Federal judge blocks Alabama anti-immigrant law provision as legal challenges advance
- Year: 2011
- Length: 6:46 minutes (6.19 MB)
- Format: MP3 Mono 44kHz 128Kbps (CBR)
This week, challenges to harsh immigration laws moved forward in Arizona and Alabama. The US Supreme court said it will hear a case involving Arizona’s SB 1070 law and whether it is preempted by federal jurisdiction on immigration. In Alabama, a federal judge temporarily blocked a provision of the state’s HB 56 law that threatened to push families out of their homes if they couldn’t prove their legal status. U.S. District Judge Myron Thompson ruled Monday on the Alabama law in a suit filed by the Southern Poverty Law Center and a coalition of civil rights groups. For more we’re joined by Kristi Graunke, senior Staff Attorney for the Southern Poverty Law Center.
In a report out today, Human Rights Watch found that Alabama’s law has “given police and private individuals a license to harass and abuse unauthorized immigrants as well as minority US citizens and permanent residents.” It also documents how children are particularly hard hit. Alma Martinez, a mother and resident of Alabama for eighteen years, told a congressional hearing in November that the law has created a climate of fear in her community - and put an intense burden on children.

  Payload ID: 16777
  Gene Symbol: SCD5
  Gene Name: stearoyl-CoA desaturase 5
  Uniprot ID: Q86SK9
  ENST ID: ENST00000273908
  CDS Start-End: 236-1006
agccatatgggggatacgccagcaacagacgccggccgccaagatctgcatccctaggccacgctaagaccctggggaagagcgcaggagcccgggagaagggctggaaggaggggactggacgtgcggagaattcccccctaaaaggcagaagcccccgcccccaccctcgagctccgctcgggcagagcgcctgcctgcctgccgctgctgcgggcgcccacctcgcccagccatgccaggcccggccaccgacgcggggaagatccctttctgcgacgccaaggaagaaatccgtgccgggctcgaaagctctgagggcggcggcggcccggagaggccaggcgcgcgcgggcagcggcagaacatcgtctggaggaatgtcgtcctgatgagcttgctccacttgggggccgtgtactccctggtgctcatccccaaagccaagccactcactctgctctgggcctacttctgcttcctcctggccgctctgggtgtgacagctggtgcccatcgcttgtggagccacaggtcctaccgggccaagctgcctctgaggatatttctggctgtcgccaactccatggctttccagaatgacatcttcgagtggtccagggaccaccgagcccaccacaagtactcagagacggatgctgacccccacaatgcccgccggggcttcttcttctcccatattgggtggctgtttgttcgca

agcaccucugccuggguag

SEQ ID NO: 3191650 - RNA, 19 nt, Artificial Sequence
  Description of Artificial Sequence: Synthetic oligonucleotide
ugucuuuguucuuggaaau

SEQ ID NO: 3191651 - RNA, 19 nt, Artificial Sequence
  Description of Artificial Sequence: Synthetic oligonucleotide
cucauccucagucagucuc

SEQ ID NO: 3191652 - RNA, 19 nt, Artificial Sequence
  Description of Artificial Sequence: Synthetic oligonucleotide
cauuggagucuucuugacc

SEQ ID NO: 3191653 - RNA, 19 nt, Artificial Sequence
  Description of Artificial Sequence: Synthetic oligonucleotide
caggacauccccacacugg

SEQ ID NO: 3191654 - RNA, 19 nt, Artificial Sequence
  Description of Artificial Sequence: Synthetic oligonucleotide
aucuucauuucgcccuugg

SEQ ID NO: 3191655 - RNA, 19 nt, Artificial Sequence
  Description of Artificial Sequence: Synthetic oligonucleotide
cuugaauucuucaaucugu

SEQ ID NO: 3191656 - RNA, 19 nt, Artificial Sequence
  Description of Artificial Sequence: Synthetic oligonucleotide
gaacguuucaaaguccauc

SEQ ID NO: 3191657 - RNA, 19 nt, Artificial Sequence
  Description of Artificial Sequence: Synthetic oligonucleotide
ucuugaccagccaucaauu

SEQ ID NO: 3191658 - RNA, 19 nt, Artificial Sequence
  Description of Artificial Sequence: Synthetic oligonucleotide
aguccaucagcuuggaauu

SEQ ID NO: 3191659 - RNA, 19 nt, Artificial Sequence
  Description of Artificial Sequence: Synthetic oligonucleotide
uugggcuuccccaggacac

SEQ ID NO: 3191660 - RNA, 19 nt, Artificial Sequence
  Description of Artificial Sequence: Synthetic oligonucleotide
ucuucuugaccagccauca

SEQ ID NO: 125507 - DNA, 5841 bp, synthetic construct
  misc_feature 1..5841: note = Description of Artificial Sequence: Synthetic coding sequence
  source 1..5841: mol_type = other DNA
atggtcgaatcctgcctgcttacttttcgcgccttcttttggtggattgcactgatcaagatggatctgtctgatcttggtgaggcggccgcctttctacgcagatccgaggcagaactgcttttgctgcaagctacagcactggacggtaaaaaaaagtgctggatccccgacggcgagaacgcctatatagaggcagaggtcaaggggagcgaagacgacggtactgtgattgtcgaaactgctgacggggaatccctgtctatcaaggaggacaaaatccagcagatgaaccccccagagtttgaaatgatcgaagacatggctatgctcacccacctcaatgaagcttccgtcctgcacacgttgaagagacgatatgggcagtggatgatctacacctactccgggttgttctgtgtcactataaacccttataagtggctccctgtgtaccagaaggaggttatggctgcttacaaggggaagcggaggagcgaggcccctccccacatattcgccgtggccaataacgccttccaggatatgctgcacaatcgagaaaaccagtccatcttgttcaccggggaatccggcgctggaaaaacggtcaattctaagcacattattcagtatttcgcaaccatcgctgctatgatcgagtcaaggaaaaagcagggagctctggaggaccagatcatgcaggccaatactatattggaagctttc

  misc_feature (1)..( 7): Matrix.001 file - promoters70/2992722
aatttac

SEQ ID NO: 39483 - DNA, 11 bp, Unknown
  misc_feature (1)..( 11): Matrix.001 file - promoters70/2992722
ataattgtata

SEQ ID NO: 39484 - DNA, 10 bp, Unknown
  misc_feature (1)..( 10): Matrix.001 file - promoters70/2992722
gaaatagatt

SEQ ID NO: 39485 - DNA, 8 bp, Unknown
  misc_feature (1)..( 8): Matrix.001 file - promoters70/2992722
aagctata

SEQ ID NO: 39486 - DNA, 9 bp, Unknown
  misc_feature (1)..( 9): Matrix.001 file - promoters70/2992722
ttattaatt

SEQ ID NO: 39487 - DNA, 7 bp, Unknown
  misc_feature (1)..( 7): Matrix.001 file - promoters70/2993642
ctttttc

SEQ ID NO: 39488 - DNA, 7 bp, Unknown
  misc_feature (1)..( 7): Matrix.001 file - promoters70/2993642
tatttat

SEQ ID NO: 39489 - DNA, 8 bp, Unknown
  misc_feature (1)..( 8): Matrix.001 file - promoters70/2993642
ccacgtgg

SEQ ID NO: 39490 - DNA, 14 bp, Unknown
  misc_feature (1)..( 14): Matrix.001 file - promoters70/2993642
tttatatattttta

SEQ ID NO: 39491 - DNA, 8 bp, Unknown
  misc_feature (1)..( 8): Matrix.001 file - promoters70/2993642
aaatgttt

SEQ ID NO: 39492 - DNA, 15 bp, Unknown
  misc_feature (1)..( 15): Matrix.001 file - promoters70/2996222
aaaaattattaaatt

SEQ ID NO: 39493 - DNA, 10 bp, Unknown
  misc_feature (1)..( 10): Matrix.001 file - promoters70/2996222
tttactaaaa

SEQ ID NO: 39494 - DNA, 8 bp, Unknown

“I have an eight year old son who was born here and I dread the day that anyone will question whether he belongs in this country. Since the introduction of HB 56 my son has anxiety that he’s going to lose me and has nightmares that I have been killed or disappeared. The weekend after the law passed, my friend called me worried about her 16 year old son and told me that he didn’t want to come out of his bedroom, saying that he would rather die than go back to Mexico because he fears for his life due to the drug cartels violence. He was brought to this country when he was just two years old and the United States is the only country he knows.”
The Human Rights Watch report, titled No Way to Live, calls for a repeal of the law and for US Congress to take up comprehensive immigration reform. To view the HRW report, No Way to Live: http://www.hrw.org/reports/2011/12/08/no-way-live